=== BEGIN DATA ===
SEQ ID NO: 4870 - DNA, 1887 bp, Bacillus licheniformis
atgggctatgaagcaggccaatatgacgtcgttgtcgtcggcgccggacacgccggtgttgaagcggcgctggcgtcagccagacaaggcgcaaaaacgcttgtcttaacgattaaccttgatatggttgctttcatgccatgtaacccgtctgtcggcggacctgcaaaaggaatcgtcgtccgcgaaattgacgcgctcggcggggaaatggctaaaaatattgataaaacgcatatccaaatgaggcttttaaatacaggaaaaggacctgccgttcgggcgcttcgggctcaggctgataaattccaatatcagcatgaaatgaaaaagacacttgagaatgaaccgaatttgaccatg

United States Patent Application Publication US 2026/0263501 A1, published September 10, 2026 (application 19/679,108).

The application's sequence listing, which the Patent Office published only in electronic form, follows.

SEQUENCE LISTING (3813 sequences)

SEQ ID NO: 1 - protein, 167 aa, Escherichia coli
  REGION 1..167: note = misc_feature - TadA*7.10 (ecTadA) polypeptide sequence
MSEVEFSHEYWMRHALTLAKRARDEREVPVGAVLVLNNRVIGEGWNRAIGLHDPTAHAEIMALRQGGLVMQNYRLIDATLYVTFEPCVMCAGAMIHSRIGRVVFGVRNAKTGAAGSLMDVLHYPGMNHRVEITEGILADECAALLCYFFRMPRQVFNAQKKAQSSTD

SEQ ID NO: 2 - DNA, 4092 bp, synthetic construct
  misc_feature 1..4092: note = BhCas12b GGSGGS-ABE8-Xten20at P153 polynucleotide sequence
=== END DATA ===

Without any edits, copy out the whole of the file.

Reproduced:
SEQ ID NO: 4870 - DNA, 1887 bp, Bacillus licheniformis
atgggctatgaagcaggccaatatgacgtcgttgtcgtcggcgccggacacgccggtgttgaagcggcgctggcgtcagccagacaaggcgcaaaaacgcttgtcttaacgattaaccttgatatggttgctttcatgccatgtaacccgtctgtcggcggacctgcaaaaggaatcgtcgtccgcgaaattgacgcgctcggcggggaaatggctaaaaatattgataaaacgcatatccaaatgaggcttttaaatacaggaaaaggacctgccgttcgggcgcttcgggctcaggctgataaattccaatatcagcatgaaatgaaaaagacacttgagaatgaaccgaatttgaccatg

United States Patent Application Publication US 2026/0263501 A1, published September 10, 2026 (application 19/679,108).

The application's sequence listing, which the Patent Office published only in electronic form, follows.

SEQUENCE LISTING (3813 sequences)

SEQ ID NO: 1 - protein, 167 aa, Escherichia coli
  REGION 1..167: note = misc_feature - TadA*7.10 (ecTadA) polypeptide sequence
MSEVEFSHEYWMRHALTLAKRARDEREVPVGAVLVLNNRVIGEGWNRAIGLHDPTAHAEIMALRQGGLVMQNYRLIDATLYVTFEPCVMCAGAMIHSRIGRVVFGVRNAKTGAAGSLMDVLHYPGMNHRVEITEGILADECAALLCYFFRMPRQVFNAQKKAQSSTD

SEQ ID NO: 2 - DNA, 4092 bp, synthetic construct
  misc_feature 1..4092: note = BhCas12b GGSGGS-ABE8-Xten20at P153 polynucleotide sequence